3 Sustainable Dental Switches You Can Make To Help Save The Planet.

The case for ditching plastic dental products

To get more articles like this straight to your inbox, subscribe to The Joy Thief newsletter.

Oral care products have a significant affect in the environment. Most traditional consumables (toothbrushes, toothpaste tubes, and floss) are made with plastic that comes from crude oil. Oil companies destroy habitats to make way for extraction. While finished dental products are often found within ecosystems. Either they end up in landfills and affect Earth, or in the sea affecting marine life. This makes dental products a threat to nature, from more than one perspective.

Billions of toothbrushes, toothpaste and floss rolls are made every year from oil. BILLIONS. Estimates put the number of toothbrushes alone at between 3.7–4.3 billion. PER YEAR! These products (often) aren’t recyclable or at least recycled easily. On top of this, each of these items will last for over 1000 years! Eventually, they’ll break down into microplastics, which will infiltrate water systems and be unknowingly consumed by living things, including humans. Microplastics are already starting to be found in tap water, so an issue with contaminated water is not impending. It’s an issue that already exists.

Toothpaste has further implications on water usage. The paste itself contains between 20–40% water, draining us of valuable water resource. Perhaps more concerning though, is that toothpaste can contain chemicals that shouldn’t be consumed by humans and/or animals. These chemicals, like microplastics, end up in our water systems. For instance, the ingredient triclosan can be toxic to fish. Micro-beads, tiny abrasive plastic particles, are also still used by some brands of toothpaste, in countries where micro-beads aren’t yet banned. This exacerbates the microplastic problem.

Floss is usually made with petroleum-based wax or synthetic plastics, that are a surprising source of chemical exposure. These plastics often have high toxicity concerns and have been found in human bloodstreams. FYI, they don’t belong there.

So… We have issues with oil extraction, habitat loss, landfill waste, plastic pollution, unnecessary water usage, water contamination, and chemical exposure. That’s a heck of a carbon footprint, especially for such a “throwaway” consumable item. If using zero/low waste dental products became the norm, the carbon footprint of the consumer based dental industry would significantly decrease!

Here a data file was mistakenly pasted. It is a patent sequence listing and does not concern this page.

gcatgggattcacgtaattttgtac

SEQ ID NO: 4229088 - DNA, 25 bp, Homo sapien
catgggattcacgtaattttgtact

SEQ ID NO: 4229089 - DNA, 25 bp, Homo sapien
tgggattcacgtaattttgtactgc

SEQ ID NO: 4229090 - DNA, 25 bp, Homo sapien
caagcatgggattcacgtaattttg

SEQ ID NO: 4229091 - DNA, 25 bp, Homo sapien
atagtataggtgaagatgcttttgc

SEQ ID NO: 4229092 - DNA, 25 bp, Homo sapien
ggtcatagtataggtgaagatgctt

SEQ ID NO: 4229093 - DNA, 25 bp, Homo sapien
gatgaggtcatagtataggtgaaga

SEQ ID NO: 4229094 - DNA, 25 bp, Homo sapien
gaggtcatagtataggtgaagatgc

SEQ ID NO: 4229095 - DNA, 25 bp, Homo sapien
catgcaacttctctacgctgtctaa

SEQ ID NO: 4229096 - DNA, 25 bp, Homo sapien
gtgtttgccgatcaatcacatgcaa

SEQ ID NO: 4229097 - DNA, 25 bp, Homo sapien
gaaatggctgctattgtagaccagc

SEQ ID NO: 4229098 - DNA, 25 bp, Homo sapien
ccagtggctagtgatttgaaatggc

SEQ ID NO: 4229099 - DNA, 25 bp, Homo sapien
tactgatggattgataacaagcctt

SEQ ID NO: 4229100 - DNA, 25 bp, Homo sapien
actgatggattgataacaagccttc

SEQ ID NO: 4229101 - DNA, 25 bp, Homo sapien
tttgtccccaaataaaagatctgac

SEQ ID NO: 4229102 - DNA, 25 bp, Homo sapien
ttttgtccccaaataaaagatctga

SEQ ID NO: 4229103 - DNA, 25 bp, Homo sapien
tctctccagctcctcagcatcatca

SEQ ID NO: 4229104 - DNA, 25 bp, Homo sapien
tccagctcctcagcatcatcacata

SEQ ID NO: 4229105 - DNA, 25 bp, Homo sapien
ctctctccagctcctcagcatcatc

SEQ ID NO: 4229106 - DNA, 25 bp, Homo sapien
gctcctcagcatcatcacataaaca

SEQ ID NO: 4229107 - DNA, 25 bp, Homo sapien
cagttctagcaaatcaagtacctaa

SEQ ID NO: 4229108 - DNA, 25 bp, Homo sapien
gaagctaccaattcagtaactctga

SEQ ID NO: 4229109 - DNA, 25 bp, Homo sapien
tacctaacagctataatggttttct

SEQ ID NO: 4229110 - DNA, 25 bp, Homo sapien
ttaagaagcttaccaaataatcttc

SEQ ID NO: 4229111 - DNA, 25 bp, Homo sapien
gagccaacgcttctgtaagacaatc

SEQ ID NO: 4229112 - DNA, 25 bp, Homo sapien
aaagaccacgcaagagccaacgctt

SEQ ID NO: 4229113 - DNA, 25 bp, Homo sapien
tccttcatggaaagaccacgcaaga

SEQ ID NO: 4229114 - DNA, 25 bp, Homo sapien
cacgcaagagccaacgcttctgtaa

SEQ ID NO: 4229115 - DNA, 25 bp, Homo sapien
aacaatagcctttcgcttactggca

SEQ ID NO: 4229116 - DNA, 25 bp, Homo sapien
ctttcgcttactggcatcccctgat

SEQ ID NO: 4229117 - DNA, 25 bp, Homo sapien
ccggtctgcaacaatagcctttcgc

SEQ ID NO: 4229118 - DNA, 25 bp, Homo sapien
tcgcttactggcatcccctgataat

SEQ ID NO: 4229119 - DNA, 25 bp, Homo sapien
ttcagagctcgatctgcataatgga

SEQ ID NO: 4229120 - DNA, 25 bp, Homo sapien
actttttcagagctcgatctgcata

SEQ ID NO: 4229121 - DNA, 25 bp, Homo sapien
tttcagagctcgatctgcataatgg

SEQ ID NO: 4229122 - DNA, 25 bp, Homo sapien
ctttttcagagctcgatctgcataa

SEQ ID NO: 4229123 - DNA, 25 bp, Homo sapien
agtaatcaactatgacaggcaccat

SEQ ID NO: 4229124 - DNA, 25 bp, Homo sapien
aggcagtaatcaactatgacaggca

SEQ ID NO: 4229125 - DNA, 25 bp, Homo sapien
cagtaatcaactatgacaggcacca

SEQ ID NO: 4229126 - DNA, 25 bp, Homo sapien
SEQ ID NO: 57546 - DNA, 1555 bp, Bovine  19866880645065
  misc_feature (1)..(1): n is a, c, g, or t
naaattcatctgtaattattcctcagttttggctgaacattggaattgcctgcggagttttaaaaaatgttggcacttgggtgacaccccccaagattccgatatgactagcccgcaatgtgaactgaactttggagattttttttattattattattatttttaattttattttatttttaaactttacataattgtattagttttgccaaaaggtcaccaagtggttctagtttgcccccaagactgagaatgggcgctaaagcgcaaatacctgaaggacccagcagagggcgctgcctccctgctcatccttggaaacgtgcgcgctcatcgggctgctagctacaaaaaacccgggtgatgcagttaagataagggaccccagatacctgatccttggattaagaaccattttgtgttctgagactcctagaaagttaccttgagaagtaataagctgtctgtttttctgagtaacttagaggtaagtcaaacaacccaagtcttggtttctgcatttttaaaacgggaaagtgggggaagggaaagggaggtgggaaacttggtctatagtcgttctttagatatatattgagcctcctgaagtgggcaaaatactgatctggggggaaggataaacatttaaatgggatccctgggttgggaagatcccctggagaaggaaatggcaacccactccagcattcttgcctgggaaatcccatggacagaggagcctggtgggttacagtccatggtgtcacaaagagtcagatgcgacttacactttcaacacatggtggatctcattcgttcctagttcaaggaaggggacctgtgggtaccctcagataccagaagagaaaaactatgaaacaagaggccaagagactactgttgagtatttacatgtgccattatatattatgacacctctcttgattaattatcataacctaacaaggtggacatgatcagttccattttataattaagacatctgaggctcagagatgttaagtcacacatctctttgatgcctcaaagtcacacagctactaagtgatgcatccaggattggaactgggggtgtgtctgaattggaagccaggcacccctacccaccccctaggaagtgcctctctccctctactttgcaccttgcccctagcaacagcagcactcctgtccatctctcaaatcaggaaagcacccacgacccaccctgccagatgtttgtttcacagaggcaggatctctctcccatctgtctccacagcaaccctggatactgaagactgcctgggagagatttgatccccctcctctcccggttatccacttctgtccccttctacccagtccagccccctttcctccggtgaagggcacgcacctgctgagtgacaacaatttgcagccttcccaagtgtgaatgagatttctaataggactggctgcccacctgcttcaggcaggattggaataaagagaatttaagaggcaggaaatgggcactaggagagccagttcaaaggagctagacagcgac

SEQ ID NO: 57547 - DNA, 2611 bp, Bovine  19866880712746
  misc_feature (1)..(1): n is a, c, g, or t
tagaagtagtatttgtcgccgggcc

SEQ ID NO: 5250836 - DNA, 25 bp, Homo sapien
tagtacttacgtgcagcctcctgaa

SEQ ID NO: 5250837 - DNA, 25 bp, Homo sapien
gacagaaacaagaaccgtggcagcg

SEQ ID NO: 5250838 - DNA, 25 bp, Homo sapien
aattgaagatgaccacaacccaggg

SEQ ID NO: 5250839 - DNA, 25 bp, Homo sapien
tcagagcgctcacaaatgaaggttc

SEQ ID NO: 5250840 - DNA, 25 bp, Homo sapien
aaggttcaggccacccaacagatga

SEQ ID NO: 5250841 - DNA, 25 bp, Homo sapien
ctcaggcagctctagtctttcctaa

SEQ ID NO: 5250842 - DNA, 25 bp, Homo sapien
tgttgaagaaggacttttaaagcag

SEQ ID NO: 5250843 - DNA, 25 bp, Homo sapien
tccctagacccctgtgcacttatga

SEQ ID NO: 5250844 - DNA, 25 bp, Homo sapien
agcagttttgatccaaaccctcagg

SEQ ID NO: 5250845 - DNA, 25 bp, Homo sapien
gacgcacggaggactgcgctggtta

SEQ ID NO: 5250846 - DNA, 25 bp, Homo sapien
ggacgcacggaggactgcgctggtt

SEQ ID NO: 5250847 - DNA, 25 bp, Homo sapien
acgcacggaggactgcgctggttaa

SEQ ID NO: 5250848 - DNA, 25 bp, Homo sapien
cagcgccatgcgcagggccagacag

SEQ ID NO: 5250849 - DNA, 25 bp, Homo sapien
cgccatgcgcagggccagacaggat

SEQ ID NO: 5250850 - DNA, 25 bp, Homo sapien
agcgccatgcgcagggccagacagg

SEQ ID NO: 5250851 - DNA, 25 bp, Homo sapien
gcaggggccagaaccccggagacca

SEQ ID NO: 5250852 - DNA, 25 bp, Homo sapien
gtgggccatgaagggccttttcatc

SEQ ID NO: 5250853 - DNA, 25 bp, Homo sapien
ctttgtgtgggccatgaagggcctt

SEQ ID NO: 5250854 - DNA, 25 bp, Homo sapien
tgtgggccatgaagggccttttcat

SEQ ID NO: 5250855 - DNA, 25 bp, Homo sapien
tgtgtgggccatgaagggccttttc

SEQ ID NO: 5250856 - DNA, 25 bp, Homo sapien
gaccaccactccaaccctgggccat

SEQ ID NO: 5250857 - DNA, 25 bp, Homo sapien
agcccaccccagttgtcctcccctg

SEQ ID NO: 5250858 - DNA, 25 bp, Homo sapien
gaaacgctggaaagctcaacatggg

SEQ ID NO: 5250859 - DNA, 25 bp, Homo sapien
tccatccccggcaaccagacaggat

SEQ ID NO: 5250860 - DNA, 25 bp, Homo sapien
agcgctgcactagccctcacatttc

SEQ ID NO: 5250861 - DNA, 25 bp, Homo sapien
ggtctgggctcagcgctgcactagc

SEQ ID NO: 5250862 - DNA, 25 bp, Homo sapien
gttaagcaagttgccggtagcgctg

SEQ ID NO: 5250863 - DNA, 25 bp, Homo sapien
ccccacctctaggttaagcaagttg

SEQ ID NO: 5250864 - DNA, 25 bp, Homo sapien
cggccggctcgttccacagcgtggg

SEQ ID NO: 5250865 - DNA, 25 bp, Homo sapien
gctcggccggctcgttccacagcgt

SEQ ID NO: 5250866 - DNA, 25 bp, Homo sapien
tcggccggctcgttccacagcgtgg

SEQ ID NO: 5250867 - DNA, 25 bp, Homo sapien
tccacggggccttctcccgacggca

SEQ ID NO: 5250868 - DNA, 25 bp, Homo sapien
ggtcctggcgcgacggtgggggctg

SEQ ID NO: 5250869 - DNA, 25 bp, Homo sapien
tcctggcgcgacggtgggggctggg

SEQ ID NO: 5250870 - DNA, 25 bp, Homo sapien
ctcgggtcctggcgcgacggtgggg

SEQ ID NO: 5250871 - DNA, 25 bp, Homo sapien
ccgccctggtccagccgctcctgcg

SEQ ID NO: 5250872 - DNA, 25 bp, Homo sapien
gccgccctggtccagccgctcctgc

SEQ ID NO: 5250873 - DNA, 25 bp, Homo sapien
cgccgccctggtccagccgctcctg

Sustainable dental alternatives do exist!

Bamboo Toothbrush
Bamboo is a very sustainable material, it grows FAST! It’s actually the fastest growing plant on earth, and can grow up to 91cm per day! Bamboo is also strong, durable, needs little fertilizer, can self regenerate (meaning it doesn’t need replanting after every harvest) and requires no pesticides. Because bamboo is also lightweight, the carbon footprint for transportation is lower than many other materials, say… Oil. However, bamboo toothbrushes aren’t without their issues.

  1. Bamboo growing can be unsustainable. Bamboo, like other resources, requires farming. Bamboo becomes unsustainable when land is cleared of natural growth and cultivated as a mono-crop. Ultimately, this destroys natural ecosystems and can impact biodiversity. When purchasing a bamboo toothbrush try to find out how the bamboo was sourced.
  2. Bamboo toothbrushes aren’t always zero waste AND cruelty-free. The material used for toothbrush bristles vary. The bristles often aren’t sustainable, being made from either pig’s hair (not cruelty-free) or some form of plastic, usually nylon. Any synthetic bristles need to be removed from the handle before it can be recycled.
  3. Not all bamboo toothbrushes have eco-friendly packaging. It seems absurd, but plastic wrapped bamboo toothbrushes do exist.
  4. Finally, look for a reputable brand with professional approval. Very cheap bamboo toothbrushes crop up on the internet, but their ability to protect teeth without damaging them is unproven.

Dental Tablets
Buying dental tablets in either package free form or in a biodegradable packaging is a more eco-friendly option than toothpaste. As these are dried tablets, they remove any water usage from their production!

Things to be aware of:
1. Not all dental tabs will foam like traditional toothpaste. Some may also have a chalky texture. It may take a while to transition and get used to this.

2. Most dental tabs are made from natural ingredients, but give the ingredients list a little check to make sure. The ingredients should be basic and recognisable. If there’s anything you’re not sure about, google it.

Natural Dental Floss
Good news, eco-friendly dental floss exists! These alternatives are often made from plant-based materials such as bamboo (yay!) or synthetic silks. They usually come in eco-friendly packaging, but as with toothbrushes, can come in plastic (boo!). Another issue to be wary of is that floss made from silk. Silk is produced using silkworms, so despite some brands listing their floss as vegan, they aren’t.

If you enjoyed this post:

- Follow me on Instagram for daily bite size sustainability
- Talk to me, comment your thoughts below and we can chat
- Subscribe to receive posts straight to your inbox

Chelsea 🐌🌿



Activist for Joy. Writes to highlight how power systems steal your joy & how you can steal it back from a disabled, neurodivergent, working class perspective..

Get the Medium app

A button that says 'Download on the App Store', and if clicked it will lead you to the iOS App store
A button that says 'Get it on, Google Play', and if clicked it will lead you to the Google Play store
Chelsea Webster

Activist for Joy. Writes to highlight how power systems steal your joy & how you can steal it back from a disabled, neurodivergent, working class perspective..